Dear Trust Members
Welcome to Spring and welcome to another newsletter.
You will no doubt share the hope that as the current covid situation improves and we all become ‘jab reinforced’, life will get back to normal. If so, this will allow us to proceed with our SAGT programme including our summer exhibition.
Meanwhile as we all try to “Keep calm and carry on”…
In November 1941, Roy Plumley, an out of work actor and radio announcer, wrote to the BBC with an idea for a programme. In January 1942 the first of eight planned programs was broadcast under the title of ‘Desert Island Discs ‘…and the rest is on-going history.
It occurred to me that instead of taking music to a desert island, what if I were to take paintings? Any six paintings I wanted, regardless of constraints. Oh dear, the difficulty I found was not what to take, but what to leave out. In the end I settled upon a Desert Island Gallery. These then are the paintings and my reason for choosing them may interest you.
I have an odd connection with Alfred Wallis. I was born the day he died. It is of course fanciful to suppose that he passed his artistic baton to me, but I like that idea. I also like the fact that Wallis, an impoverished seafarer, was also a true naive artist. Painting with bits of cardboard and house paint, any image produced was always less important than the memory behind it. Swen Berlin, (a real bohemian), who first documented Wallis, told me that Wallis saw painting as a pastime and then saw the chance to make “A few bob” out of Ben Nicholson and Christopher Wood, the modernist artists who ‘discovered’ him.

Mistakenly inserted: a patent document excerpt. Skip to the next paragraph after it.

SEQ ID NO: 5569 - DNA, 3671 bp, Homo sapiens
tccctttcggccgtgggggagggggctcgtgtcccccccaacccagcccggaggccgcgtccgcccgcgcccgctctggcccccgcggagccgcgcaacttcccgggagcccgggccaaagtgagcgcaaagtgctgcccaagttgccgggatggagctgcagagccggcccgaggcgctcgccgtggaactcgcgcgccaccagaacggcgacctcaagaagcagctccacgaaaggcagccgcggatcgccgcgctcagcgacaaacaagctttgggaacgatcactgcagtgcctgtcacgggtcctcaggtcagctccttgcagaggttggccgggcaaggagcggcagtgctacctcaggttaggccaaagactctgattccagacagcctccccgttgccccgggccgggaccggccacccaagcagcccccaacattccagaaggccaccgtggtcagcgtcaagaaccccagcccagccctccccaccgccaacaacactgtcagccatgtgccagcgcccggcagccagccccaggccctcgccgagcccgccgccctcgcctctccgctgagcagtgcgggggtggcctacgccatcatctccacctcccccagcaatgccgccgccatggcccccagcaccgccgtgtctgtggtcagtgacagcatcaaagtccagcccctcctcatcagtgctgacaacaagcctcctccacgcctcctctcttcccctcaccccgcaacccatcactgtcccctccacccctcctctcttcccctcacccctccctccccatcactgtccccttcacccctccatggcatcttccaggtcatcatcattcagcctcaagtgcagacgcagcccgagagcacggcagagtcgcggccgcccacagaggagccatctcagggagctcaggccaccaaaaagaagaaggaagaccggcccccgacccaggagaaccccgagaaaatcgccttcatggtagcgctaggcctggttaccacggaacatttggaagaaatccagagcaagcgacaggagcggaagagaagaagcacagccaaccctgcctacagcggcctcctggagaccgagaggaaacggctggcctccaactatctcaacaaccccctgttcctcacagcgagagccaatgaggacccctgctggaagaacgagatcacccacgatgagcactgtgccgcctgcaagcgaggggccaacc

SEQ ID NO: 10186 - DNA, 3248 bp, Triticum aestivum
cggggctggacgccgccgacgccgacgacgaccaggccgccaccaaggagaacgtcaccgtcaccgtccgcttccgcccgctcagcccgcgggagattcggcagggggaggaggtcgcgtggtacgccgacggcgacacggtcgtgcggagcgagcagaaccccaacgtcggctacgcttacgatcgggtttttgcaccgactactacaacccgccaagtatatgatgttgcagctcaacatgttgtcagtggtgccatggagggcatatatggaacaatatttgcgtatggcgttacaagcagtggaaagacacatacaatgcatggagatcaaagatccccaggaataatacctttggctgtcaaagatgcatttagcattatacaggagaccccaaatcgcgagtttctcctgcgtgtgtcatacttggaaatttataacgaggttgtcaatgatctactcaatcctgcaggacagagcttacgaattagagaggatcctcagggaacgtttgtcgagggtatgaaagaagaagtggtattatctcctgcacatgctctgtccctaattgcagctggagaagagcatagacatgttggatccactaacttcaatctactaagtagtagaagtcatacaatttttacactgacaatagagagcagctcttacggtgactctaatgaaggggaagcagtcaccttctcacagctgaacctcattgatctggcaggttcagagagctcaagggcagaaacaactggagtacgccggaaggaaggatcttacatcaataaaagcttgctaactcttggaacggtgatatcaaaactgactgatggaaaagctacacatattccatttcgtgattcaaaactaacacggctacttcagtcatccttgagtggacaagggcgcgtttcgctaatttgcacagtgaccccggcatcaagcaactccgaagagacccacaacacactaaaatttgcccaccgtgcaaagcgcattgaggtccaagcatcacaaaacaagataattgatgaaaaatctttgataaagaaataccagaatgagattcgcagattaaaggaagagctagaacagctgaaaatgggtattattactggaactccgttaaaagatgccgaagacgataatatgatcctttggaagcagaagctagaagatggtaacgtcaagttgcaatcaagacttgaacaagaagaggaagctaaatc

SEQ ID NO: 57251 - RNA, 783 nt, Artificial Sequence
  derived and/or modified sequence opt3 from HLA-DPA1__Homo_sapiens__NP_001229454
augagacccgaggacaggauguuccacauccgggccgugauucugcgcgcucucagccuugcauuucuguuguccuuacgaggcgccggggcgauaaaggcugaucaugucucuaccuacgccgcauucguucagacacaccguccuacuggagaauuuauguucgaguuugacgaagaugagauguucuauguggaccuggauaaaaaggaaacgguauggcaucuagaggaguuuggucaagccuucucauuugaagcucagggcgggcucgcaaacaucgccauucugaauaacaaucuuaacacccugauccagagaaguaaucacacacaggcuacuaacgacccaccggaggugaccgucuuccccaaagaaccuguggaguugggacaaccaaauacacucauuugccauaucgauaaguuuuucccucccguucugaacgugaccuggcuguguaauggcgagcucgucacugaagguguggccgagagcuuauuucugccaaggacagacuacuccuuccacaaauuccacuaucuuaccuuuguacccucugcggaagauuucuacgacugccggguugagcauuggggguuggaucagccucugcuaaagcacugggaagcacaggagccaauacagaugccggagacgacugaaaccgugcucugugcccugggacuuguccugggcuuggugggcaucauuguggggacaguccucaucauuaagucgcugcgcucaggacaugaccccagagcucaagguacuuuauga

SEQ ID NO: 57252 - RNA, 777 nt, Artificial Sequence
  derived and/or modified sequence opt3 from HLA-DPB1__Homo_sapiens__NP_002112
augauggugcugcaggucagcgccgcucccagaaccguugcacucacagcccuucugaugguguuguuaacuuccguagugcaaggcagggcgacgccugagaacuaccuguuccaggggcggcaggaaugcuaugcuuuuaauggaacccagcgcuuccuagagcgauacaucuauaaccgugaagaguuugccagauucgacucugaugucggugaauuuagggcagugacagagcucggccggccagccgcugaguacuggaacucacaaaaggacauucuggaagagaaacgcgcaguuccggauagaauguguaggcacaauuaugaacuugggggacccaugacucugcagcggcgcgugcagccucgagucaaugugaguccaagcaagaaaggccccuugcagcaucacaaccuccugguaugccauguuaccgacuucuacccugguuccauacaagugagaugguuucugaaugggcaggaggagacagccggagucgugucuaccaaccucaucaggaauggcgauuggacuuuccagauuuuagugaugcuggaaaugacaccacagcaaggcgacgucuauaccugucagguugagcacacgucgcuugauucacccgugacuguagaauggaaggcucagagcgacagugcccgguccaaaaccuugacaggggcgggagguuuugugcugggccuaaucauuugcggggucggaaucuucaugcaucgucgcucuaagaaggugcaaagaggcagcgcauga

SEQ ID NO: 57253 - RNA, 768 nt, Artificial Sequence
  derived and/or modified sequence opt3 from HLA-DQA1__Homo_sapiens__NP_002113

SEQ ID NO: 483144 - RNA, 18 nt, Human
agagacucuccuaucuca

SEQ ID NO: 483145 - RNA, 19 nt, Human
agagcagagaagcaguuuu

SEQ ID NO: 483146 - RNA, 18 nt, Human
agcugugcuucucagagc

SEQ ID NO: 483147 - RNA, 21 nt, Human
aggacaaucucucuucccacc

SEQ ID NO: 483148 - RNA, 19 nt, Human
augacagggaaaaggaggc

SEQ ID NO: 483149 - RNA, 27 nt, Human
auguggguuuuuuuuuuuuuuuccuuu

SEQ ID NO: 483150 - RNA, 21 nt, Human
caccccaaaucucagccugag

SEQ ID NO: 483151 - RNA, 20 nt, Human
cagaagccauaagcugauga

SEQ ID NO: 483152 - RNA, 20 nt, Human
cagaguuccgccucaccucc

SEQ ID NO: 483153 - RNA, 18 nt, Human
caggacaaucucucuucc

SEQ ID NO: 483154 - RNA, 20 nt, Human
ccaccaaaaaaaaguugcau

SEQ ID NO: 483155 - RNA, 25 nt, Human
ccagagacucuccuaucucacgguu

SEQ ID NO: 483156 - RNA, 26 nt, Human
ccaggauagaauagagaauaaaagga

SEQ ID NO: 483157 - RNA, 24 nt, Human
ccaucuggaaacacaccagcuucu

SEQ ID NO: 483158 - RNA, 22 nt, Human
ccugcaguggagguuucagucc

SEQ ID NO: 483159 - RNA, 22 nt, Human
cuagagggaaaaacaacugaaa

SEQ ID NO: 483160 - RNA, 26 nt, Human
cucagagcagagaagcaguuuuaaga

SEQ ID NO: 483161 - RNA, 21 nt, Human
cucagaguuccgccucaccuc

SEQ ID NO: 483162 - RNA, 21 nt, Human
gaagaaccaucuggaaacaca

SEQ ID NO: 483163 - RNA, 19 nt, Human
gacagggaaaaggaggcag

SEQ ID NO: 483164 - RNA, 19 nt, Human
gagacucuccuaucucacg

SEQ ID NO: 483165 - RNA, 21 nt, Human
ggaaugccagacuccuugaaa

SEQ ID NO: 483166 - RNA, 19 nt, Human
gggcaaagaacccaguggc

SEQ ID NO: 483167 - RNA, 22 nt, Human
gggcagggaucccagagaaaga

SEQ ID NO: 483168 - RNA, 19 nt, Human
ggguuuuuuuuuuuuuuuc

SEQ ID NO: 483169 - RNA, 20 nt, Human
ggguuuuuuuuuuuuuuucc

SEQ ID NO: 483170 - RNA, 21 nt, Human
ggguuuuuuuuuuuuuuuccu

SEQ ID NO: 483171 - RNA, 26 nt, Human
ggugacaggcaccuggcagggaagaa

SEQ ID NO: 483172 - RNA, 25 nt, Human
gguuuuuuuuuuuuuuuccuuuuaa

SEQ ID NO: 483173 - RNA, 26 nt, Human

I have had many holidays in Cornwall – mainly Porthleven – and no trip to Cornwall passes without a visit to St Ives and a little pilgrimage along Back Street where Wallis lived. In the town one is reminded of him everywhere. The shop in the Tate has more Wallis themed merchandise. Sad then that he died a pauper. Incidentally one of the best places to see Wallis’s work is in Kettles Yard in Cambridge -highly recommended.
For me, any painting by Wallis would be a delight, but ‘Schooner under the Moon’ says a lot about Wallis. He just liked doing things his way, plain and simple. The art world still thinks otherwise.
The first time I saw an illustration of this painting, in an art book in the early 60’s, I liked it. I felt it conveyed more than the image. There is a tension in the painting. The tranquillity is at odds with the spaces in the composition. Of course once one has some knowledge about an artist and the context in which a work is created, other judgments come into play. When I did eventually see this version of ‘Studland Beach’ in the Tate, it did not disappoint. I like it even more now because of the controlled abstraction. (I always worry about total abstraction). It was modern in 1912 and to me, it still seems that way. A painting that keeps getting better.
On my desert island, this painting will remind me of a walk I did across the Sussex Downs from Eastbourne to Winchester. The route cut through Charlestone Farm and was an ideal excuse to exercise the mind and not the legs. Also Studland is an area I know fairly well having been on a rock climbing course in that area. However I know the Square and Compass pub at nearby Worth Maltravers, even better. Happy days and fond memories.
Sidney Nolan was the wild colonial boy of Australian art. He arrived on the Melbourne art scene at the Heide Art colony with little idea of what he wanted to do except paint. After experimenting with European influences Nolan literally saw the Australian light. His free spirited Ned Kelly series proved to be the perfect metaphor for Nolan himself.